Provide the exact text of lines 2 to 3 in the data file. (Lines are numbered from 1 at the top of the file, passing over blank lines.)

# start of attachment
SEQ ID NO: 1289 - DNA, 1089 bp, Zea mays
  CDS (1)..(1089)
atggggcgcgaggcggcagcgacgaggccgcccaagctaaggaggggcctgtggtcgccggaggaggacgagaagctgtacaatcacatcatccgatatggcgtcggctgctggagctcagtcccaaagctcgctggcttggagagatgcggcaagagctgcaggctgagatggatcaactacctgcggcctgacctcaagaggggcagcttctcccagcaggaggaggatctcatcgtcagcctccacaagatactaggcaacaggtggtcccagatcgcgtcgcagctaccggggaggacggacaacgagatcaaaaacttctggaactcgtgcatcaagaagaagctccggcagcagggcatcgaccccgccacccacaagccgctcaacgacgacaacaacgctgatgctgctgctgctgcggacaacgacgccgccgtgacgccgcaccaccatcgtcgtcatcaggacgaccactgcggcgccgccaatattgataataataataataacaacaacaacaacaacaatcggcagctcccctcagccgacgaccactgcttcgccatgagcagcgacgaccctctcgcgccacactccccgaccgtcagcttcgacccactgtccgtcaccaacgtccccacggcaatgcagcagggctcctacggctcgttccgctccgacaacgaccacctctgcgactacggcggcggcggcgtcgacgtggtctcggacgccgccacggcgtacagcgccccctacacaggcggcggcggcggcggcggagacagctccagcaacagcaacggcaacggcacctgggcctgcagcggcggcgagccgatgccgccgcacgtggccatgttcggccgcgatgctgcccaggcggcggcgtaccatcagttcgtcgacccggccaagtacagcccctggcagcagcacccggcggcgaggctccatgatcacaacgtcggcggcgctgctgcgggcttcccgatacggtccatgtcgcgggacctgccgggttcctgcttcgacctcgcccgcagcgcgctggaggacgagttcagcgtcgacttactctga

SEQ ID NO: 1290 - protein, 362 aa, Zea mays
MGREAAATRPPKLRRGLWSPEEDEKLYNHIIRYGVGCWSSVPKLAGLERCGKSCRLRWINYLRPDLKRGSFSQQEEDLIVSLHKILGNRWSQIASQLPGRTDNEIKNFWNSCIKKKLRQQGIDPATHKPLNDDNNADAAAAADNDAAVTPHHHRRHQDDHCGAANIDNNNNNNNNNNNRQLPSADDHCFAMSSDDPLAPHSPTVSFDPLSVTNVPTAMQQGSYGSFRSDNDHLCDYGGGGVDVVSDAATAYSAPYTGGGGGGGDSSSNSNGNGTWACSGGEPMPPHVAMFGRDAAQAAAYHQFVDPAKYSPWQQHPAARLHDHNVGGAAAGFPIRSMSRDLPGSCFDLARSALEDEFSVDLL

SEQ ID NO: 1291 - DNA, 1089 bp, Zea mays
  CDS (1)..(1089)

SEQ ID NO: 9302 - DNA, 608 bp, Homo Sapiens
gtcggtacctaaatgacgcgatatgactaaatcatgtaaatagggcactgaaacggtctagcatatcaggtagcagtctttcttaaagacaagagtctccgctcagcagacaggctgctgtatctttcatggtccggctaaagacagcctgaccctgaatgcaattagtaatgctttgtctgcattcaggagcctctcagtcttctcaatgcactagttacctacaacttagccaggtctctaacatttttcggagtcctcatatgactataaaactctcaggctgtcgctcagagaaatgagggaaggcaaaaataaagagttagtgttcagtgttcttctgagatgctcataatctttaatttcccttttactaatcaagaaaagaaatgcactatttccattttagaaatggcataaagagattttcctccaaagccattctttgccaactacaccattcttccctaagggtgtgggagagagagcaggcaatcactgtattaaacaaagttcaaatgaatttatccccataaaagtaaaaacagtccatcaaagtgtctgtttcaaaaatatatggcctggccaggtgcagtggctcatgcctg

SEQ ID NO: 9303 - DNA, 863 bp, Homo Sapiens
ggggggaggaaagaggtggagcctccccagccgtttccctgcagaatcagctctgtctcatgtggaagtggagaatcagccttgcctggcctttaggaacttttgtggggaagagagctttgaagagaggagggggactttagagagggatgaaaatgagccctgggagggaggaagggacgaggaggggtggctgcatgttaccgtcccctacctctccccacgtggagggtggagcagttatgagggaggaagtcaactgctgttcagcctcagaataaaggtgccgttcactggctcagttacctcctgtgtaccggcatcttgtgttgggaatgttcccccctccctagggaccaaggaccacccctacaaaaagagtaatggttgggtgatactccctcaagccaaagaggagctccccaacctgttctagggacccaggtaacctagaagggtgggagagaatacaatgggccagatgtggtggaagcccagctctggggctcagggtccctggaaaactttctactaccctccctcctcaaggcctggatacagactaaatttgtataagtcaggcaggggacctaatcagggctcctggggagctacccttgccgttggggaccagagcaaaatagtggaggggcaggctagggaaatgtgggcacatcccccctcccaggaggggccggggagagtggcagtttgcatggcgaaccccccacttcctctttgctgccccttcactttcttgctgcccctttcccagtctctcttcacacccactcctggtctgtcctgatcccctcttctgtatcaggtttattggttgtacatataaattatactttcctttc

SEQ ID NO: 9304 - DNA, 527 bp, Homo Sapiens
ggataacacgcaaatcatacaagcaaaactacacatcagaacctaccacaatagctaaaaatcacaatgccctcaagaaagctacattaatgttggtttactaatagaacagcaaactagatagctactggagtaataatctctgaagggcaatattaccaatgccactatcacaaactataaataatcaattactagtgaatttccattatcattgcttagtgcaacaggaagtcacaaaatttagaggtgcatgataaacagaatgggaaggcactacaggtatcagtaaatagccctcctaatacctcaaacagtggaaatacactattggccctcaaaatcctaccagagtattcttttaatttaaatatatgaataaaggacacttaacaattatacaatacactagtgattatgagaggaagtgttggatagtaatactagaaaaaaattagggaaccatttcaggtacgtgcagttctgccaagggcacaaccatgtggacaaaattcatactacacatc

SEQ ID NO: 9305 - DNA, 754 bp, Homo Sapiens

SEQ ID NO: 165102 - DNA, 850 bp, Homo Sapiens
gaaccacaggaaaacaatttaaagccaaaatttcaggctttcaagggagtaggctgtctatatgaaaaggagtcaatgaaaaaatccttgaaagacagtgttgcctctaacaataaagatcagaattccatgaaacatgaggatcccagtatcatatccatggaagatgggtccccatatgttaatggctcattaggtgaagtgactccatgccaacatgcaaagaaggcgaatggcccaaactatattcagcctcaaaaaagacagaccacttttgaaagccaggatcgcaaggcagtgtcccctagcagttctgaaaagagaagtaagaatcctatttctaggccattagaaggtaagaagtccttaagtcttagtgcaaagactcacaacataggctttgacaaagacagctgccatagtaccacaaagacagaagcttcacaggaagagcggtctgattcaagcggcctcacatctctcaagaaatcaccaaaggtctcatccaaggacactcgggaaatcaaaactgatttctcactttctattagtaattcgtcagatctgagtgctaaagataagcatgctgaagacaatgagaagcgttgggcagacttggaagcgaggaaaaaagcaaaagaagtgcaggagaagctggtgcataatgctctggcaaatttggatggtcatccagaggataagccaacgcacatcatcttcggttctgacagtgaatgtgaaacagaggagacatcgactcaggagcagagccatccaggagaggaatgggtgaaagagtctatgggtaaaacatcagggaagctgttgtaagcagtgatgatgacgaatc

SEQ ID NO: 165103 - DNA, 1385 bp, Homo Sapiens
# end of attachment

  CDS (1)..(1089)
atggggcgcgaggcggcagcgacgaggccgcccaagctaaggaggggcctgtggtcgccggaggaggacgagaagctgtacaatcacatcatccgatatggcgtcggctgctggagctcagtcccaaagctcgctggcttggagagatgcggcaagagctgcaggctgagatggatcaactacctgcggcctgacctcaagaggggcagcttctcccagcaggaggaggatctcatcgtcagcctccacaagatactaggcaacaggtggtcccagatcgcgtcgcagctaccggggaggacggacaacgagatcaaaaacttctggaactcgtgcatcaagaagaagctccggcagcagggcatcgaccccgccacccacaagccgctcaacgacgacaacaacgctgatgctgctgctgctgcggacaacgacgccgccgtgacgccgcaccaccatcgtcgtcatcaggacgaccactgcggcgccgccaatattgataataataataataacaacaacaacaacaacaatcggcagctcccctcagccgacgaccactgcttcgccatgagcagcgacgaccctctcgcgccacactccccgaccgtcagcttcgacccactgtccgtcaccaacgtccccacggcaatgcagcagggctcctacggctcgttccgctccgacaacgaccacctctgcgactacggcggcggcggcgtcgacgtggtctcggacgccgccacggcgtacagcgccccctacacaggcggcggcggcggcggcggagacagctccagcaacagcaacggcaacggcacctgggcctgcagcggcggcgagccgatgccgccgcacgtggccatgttcggccgcgatgctgcccaggcggcggcgtaccatcagttcgtcgacccggccaagtacagcccctggcagcagcacccggcggcgaggctccatgatcacaacgtcggcggcgctgctgcgggcttcccgatacggtccatgtcgcgggacctgccgggttcctgcttcgacctcgcccgcagcgcgctggaggacgagttcagcgtcgacttactctga